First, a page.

15 July 2013

Things Are Seldom What They Seem / Skim Milk Masquerades as Cream


Shelf safe milk is real Grade A milk that doesn’t require refrigeration until it’s opened (no preservatives added). Single-serving cartons can be stored in the pantry for up to six months without refrigeration. It’s a convenient and healthy way to get the nutrition from calcium-rich milk on car trips, while camping, at the park…even at the beach. Freeze a few cartons the night before and toss into a sports bag, picnic basket or cooler, and it will be the right temperature when you’re ready to enjoy it. If your family doesn’t drink it all during the trip…just take it home and put it back in the pantry.

Um, yeah. That's a direct quote from an email I got from "Milk Unleashed" - the marketing arm of the shelf stable milk packaging conglomerate.

First of all, have you ever frozen milk? My mother used to do that, in her singularly frugal way. The milk, when defrosted, is gross. It separates, it develops grainy clumpiness, it's not something you want to drink, ever. Maybe you could put it in a cake. Maybe.

Second, I am mystified by the idea that the milk packagers are suggesting that the shelf stable boxes be frozen for enjoyment at picnics, because even Horizon, a company that packs milk in aseptic packages, says:

Freezing is not recommended for fluid milk, half-and-half or cream. Although freezing is unlikely to alter milk’s nutrition, it will change its consistency. Milk that has been frozen and thawed in the refrigerator can be used in baking and cooking.

And if you shouldn't freeze it in the first place, do you really want to return the unused but now-defrosted milk to your cupboard to save for the next picnic?

The one hand is not speaking to the other hand.

In our house, we have a thoroughly first-world milk problem. We've had a milk delivery service for some years. Every week, we get butter and eggs and four half gallon glass bottles of 2% milk, deposited in an insulated box at the bottom of the driveway. As a result, the child who lives in our house has become a milk snob. If we run out and have to get supermarket milk in a plastic bottle or cardboard box? She won't drink it. She won't drink the milk at school, because it comes in a cardboard container. Glass bottles for my princess, or no milk at all.

So, Tetra Pak? You were barking up the wrong tree.


canape said...

I was raised on powdered milk. Glass bottles for me too now. Nothing else.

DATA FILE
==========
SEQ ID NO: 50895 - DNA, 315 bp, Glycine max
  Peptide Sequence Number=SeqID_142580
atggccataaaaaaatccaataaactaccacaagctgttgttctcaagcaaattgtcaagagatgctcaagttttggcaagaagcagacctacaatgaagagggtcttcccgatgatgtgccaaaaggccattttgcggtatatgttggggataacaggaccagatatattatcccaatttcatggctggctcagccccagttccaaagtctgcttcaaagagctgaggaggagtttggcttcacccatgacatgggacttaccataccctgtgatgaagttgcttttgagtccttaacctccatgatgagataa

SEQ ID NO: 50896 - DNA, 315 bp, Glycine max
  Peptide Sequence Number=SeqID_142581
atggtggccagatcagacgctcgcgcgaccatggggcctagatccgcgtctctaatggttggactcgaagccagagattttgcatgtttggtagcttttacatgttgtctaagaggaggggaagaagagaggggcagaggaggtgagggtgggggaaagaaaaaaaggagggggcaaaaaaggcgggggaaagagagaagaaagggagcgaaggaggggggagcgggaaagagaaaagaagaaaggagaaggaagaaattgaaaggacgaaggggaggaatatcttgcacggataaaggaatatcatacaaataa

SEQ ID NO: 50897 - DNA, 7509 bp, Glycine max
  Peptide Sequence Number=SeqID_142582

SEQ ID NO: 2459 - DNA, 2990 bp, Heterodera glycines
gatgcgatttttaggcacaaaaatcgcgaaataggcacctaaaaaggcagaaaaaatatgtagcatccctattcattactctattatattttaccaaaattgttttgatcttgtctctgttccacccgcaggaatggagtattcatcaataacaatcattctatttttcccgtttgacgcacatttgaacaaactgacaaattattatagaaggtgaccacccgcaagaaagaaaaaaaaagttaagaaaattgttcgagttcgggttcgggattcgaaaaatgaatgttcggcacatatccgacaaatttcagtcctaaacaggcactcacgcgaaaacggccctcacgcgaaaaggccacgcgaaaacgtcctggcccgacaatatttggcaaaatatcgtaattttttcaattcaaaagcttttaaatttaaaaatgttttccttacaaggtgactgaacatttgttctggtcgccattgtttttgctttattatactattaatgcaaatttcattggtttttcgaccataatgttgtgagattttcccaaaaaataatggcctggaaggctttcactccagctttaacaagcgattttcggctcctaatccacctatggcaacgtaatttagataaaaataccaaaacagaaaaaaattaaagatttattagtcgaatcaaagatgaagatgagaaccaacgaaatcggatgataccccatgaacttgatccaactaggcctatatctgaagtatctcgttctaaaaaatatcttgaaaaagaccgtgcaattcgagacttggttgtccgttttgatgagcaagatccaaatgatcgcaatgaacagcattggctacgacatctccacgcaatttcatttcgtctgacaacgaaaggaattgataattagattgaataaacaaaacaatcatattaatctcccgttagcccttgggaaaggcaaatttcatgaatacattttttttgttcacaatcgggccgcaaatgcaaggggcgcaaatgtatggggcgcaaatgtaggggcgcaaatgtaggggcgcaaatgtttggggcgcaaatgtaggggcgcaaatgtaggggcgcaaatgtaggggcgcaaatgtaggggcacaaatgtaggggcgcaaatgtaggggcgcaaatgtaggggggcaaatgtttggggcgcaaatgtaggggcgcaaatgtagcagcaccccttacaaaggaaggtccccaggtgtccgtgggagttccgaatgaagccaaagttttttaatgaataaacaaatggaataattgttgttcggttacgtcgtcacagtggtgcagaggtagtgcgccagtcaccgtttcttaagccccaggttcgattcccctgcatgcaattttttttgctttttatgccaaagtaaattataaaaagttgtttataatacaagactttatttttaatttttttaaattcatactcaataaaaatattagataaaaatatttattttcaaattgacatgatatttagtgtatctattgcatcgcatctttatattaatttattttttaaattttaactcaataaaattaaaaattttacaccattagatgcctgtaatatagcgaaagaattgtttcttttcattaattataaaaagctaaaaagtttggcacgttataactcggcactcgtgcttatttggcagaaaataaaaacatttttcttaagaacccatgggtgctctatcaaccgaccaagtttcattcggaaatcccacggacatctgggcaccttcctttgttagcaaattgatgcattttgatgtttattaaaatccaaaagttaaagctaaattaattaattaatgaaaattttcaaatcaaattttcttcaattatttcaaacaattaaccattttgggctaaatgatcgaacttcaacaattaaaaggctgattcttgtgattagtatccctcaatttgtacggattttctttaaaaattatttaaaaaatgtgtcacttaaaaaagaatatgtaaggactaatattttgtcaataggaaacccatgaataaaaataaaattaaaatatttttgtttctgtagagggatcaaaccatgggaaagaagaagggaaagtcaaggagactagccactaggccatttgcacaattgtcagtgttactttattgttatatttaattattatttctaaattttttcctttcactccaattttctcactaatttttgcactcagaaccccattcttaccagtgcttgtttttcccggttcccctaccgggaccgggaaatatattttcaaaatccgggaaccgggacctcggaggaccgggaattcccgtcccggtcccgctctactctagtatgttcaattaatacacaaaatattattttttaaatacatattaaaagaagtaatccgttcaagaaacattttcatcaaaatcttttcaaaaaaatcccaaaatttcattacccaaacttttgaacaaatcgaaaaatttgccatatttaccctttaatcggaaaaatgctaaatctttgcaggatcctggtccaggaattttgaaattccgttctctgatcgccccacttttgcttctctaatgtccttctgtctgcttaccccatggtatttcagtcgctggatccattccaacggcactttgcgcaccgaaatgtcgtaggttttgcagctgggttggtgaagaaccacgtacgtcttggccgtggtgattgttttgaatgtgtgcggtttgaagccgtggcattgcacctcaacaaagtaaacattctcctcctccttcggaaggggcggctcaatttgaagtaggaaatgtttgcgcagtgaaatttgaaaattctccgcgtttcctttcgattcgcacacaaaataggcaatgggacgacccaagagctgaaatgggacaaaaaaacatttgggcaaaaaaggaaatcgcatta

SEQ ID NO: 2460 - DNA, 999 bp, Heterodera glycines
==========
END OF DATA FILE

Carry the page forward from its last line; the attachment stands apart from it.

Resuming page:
Anonymous said...

I was raised on glass bottle milk. Just found some of the old pour spouts when I was going through my parents house.

But, I confess. While I've never frozen it, those small boxes of milk were really useful with small child. Great to put in a cooler for car trips or even hotel stays (beats the $5+tax glass of milk from room service at bedtime).

And then there's me, the skim milk for coffee snob. Skim milk isn't always available (like in hotel rooms that try to pass off powdered creamer, blech) and those little boxes were great for a decent cup of coffee.

Lastly, for my parents in their final days of living alone we had to have some in the cupboard for when they ran out (or what was in the fridge went bad) and they had no way to get to the grocery.

Small boxes aren't that bad. ButI wouldn't freeze them and refreeze them.

Nadine said...

Well now, what did I do wrong. I typed in my name but my comment above came up as anonymous!

S said...

Hmm. We prefer glass bottles, too.

Bibliomama said...

Milk. Delivered. In glass. Bottles. How unutterably quaint!

The milk unleashed thing really freaked me out too. One of those 'just because you can do it doesn't mean you should' things.

Jocelyn said...

We were glass bottle delivery people for years, too, until we realized our milk was going off before we drank it--since no one in our family drinks milk. I put it in coffee, and we use it for baking. That's about it.

So now we have a small plastic container in the fridge for those things, supplemented every couple weeks with a huge gallon of whole milk, just waiting for Byron to use it when he makes yogurt.

We do have friends about an hour and a half up the Shore who freeze their milk simply because they come into town every few months and do their shopping, so they're all about preservation.